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‘Sisters get fired for less than that’: How ‘Bad Hair’ shows the horrors of Black hair

  • October 22, 2020

Black hair is beautiful, but Black hair can also be horrifying. 

“Dear White People” creator Justin Simien tackles those complexities in his horror comedy “Bad Hair” (streaming Friday on Hulu) by way of a killer weave (literally and figuratively).

The ’80s-era horror satire stars Elle Lorraine as an ambitious Los Angeles woman named Anna working to get ahead in the image-conscious world of music television, but she keeps getting overlooked for other candidates. Her ex-supermodel new boss (Vanessa Williams) fixates on Anna’s natural hair and let’s it be known that “sisters get fired for less than that every day. Music people have certain expectations and my girls need to flow freely.” Anna goes on to “flow freely” and gets a weave installed that begins to have a mind of its own.

However, it’s not the killer weave that makes Simien’s movie a horror flick: The film is scary because it plays into the realities of Black folks navigating a world centered around Eurocentric standards of beauty. 

Anna's (Elle Lorraine, center) new boss fixates on Anna's natural hair and lets it be known that sisters get fired for less than that every day.

“To me, what is insidious goes beyond just skin color,” Simien says. “The feeling that Anna is perfectly qualified to do amazing things at the company, but people just can’t picture her in the position until she gets this hair … unconsciously, so many of us have played into that script for such a long time. Eurocentrism is the texture of your hair, it’s the manner that you speak, it’s the way that you dress, it’s the art that you collect, it’s the references that you make.

Though “Bad Hair” is set in 1989, its themes are still relevant 31 years later, Simien says, noting that people still get denied opportunities for the way their hair naturally grows out of their head. It was just last year that California became the first state to ban hair discrimination with the “Crown Act.”

“Even for people who just want to change their aesthetic, so many folks feel like they have to do it or they won’t be seen otherwise,” Simien says. “Hair is such a personal form of self expression, and women and men should be able to wear their hair however they want to without being reprimanded for it or made to feel less than because of that choice.”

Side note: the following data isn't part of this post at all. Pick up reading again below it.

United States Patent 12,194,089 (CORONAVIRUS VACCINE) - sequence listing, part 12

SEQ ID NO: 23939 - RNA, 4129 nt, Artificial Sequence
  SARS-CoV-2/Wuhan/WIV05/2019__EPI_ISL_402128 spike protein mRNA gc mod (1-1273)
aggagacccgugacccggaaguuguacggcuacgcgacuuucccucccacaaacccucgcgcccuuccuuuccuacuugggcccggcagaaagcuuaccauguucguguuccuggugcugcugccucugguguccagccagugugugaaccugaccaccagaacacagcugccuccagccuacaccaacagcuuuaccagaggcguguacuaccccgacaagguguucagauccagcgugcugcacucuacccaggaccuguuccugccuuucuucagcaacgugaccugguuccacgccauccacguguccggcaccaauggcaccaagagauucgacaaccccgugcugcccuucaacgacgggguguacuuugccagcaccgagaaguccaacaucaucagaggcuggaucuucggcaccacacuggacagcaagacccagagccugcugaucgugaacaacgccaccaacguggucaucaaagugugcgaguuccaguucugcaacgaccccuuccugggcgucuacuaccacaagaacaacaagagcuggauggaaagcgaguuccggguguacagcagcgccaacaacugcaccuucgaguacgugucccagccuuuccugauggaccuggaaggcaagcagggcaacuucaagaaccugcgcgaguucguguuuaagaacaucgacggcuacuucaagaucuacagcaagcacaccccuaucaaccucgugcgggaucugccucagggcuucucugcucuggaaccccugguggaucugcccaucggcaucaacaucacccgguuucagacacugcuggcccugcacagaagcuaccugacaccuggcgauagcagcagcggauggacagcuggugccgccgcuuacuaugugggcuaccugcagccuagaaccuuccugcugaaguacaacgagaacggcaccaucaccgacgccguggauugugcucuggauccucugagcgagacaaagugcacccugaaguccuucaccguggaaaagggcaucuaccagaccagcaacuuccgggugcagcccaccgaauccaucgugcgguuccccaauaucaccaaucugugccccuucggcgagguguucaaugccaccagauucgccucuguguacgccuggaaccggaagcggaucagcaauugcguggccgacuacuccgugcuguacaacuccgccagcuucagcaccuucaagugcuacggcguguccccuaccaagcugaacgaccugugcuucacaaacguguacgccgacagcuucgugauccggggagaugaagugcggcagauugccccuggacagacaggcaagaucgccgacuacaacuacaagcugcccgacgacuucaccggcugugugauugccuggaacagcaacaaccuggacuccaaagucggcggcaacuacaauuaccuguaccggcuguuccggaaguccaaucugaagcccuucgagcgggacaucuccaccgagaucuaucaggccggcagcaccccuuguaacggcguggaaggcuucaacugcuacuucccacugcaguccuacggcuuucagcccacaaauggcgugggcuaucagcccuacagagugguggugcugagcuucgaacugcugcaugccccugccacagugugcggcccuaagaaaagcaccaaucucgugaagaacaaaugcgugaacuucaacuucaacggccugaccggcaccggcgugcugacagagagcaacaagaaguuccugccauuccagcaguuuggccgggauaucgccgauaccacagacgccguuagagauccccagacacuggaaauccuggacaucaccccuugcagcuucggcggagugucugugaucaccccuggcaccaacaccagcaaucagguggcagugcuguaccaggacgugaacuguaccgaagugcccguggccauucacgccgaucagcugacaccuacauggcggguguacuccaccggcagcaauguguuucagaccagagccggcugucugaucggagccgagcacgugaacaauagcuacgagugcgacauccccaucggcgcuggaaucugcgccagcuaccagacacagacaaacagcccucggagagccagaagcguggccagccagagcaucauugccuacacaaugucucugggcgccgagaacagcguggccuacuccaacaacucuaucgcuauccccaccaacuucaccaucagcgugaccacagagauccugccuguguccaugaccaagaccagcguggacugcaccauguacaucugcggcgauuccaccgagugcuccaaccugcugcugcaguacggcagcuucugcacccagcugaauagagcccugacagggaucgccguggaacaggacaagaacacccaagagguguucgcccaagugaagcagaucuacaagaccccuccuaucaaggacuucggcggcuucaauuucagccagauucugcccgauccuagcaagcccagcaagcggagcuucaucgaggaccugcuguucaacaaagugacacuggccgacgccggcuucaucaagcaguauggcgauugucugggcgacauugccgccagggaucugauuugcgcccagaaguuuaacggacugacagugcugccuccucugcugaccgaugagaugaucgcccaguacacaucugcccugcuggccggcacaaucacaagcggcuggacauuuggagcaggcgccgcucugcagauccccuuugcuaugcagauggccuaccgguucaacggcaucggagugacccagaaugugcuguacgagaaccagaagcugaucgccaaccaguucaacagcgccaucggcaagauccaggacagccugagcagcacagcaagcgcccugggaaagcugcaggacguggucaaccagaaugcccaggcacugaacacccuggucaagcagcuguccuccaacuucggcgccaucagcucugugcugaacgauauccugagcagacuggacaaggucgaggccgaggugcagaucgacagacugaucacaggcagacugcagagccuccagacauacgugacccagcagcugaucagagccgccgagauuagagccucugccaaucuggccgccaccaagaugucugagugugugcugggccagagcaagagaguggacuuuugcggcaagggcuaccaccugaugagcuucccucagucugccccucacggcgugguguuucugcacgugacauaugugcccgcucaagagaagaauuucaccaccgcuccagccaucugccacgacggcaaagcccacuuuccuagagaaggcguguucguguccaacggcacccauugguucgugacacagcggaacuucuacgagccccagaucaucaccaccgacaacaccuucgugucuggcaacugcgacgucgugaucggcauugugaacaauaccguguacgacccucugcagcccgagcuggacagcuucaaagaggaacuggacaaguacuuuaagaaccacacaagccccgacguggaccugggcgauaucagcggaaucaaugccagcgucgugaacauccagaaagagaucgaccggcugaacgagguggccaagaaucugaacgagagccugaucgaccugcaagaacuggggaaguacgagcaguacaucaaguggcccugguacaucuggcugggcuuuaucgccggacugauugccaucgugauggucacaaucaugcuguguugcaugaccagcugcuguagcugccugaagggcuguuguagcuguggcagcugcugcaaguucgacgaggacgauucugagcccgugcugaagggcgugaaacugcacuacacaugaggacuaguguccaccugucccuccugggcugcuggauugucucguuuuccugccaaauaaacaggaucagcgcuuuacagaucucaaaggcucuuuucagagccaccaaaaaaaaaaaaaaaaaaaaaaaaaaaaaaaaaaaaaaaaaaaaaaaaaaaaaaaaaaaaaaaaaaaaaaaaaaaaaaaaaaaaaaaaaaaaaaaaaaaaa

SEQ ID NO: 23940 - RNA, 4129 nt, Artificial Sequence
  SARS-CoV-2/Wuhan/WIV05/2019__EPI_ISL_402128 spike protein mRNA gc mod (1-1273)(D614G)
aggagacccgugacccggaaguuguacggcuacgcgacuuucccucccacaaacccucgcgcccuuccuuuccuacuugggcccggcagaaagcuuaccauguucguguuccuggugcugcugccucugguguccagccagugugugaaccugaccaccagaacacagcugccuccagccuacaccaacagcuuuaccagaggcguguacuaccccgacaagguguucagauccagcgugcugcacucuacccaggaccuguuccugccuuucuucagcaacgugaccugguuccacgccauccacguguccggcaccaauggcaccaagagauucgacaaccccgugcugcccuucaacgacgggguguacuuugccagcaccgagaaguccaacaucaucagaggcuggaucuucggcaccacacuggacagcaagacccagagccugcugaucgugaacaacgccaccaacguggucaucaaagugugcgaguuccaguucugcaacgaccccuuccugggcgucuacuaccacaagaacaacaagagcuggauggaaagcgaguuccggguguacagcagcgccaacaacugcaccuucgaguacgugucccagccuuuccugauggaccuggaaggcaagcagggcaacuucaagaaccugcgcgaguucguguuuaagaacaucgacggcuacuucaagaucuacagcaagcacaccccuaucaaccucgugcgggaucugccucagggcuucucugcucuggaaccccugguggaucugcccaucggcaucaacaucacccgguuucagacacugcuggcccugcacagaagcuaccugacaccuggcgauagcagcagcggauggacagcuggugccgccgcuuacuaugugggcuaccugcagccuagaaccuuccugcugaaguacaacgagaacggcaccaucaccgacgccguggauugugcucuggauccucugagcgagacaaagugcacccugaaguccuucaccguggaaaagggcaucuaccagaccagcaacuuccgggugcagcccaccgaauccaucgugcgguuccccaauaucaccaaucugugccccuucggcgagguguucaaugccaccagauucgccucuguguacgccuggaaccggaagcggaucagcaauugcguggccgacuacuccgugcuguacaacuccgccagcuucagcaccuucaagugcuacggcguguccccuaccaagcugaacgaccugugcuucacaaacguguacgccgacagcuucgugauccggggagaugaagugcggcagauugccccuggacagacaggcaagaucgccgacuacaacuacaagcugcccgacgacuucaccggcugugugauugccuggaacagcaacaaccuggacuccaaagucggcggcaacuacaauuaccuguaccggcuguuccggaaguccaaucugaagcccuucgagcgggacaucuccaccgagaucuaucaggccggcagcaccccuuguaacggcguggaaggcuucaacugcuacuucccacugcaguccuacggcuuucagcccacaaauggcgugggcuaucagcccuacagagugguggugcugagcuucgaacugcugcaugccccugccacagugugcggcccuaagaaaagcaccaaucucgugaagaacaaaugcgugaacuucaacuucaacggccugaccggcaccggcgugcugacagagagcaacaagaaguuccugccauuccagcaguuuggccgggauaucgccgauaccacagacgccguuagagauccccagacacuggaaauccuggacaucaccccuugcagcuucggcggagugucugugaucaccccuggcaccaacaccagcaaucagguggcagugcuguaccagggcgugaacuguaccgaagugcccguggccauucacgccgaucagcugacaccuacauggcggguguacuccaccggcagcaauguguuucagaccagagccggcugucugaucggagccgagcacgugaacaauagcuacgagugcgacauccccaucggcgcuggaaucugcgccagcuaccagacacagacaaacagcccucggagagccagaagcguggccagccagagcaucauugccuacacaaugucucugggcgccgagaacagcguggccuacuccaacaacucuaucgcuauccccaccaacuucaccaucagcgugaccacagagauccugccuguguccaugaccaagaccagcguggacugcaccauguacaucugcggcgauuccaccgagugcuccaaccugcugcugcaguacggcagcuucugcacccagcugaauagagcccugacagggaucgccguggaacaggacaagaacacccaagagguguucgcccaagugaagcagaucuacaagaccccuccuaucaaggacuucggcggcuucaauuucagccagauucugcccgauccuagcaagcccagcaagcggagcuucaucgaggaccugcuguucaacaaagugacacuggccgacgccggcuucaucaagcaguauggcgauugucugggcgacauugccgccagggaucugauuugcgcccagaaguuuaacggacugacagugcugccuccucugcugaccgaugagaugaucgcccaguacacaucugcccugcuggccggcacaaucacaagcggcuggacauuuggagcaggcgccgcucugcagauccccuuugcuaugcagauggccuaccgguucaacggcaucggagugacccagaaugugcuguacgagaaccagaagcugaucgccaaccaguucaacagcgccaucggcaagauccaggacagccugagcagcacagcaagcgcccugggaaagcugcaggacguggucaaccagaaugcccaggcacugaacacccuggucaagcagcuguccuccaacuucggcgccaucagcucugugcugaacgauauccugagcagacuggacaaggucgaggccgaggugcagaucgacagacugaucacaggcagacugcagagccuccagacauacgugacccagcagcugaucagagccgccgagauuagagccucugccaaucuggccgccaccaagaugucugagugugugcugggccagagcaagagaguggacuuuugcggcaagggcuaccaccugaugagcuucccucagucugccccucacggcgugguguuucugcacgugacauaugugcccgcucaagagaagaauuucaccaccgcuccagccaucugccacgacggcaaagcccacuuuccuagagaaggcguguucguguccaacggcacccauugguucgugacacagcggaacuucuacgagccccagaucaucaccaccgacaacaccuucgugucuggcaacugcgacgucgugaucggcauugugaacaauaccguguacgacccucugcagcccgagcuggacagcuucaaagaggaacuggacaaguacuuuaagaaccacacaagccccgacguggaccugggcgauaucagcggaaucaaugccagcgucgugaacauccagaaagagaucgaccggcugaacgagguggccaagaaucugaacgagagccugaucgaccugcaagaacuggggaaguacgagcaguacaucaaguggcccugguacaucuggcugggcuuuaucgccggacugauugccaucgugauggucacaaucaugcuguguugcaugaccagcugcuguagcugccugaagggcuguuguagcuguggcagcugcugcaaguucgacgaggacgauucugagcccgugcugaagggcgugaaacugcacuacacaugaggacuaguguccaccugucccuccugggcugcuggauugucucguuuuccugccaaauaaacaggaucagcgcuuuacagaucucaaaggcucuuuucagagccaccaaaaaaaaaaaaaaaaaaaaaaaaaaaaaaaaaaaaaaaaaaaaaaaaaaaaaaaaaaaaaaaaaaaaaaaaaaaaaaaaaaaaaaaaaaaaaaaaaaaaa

While “Bad Hair” focuses on Anna trading in her natural hair for a straighter, sleeker look, Lorraine says the film speaks to all the ways people of color have been told they need to change themselves to fit in. She hopes the movie will spark conversations about the “small ways we sell out to ourselves.”

Though it's the killer weave that takes center stage in Bad Hair, Justin Simien isn't vilifying the weave itself.

“I thought I was making these small tweaks, but instead I’ve done so many that I’ve cut away at the core of myself,” Lorraine says. “Anna had everything she needed to be great, just no one saw it because they didn’t appreciate the package that it came in. I hope we also become more empowered in realizing what we bring to the table is good enough.”

Williams, who broke out in the entertainment industry herself in the ’80s, says it’s a “theme that never goes away.”

“If you want to succeed there are things that you have to do in order to do it, and sometimes they’re difficult and sometimes it’s not a straight task,” says Williams, adding that the film uses horror to tackle something so many women do to fit in. “It’s a human story.” 

Though she no longer tries to alter herself for others, Lorraine says in the past there have been times where she’s been told her “smile is too big” or she’s tried to “look a certain way to appease people,” even having dyed her hair blond and damaged it in the process.

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People of color have to “look up to so many images of white people” and are “constantly getting told that is what beauty looks like,” she says. “Whether it’s told to us directly or subliminally because we’re watching TV, because we’re driving down the street and seeing billboards of people who may not look like us.

“But I also think it’s changing. Our world is realizing that there is space for everyone and beauty comes in all shapes and sizes,” says Lorraine, adding that “Bad Hair” sheds light on the diversity within Black women. 

Though it’s the killer weave that takes center stage in “Bad Hair,” Simien isn’t vilifying the weave itself. He reminds us that the weave actually saves Anna on multiple occasions, keeping her safe from predators and helping her rise up the ranks at work.  

“The hair isn’t really good or bad,” Simien says. “It’s the fact that she didn’t fully have a conscious choice. She was denied that by the world she was trying to navigate.”

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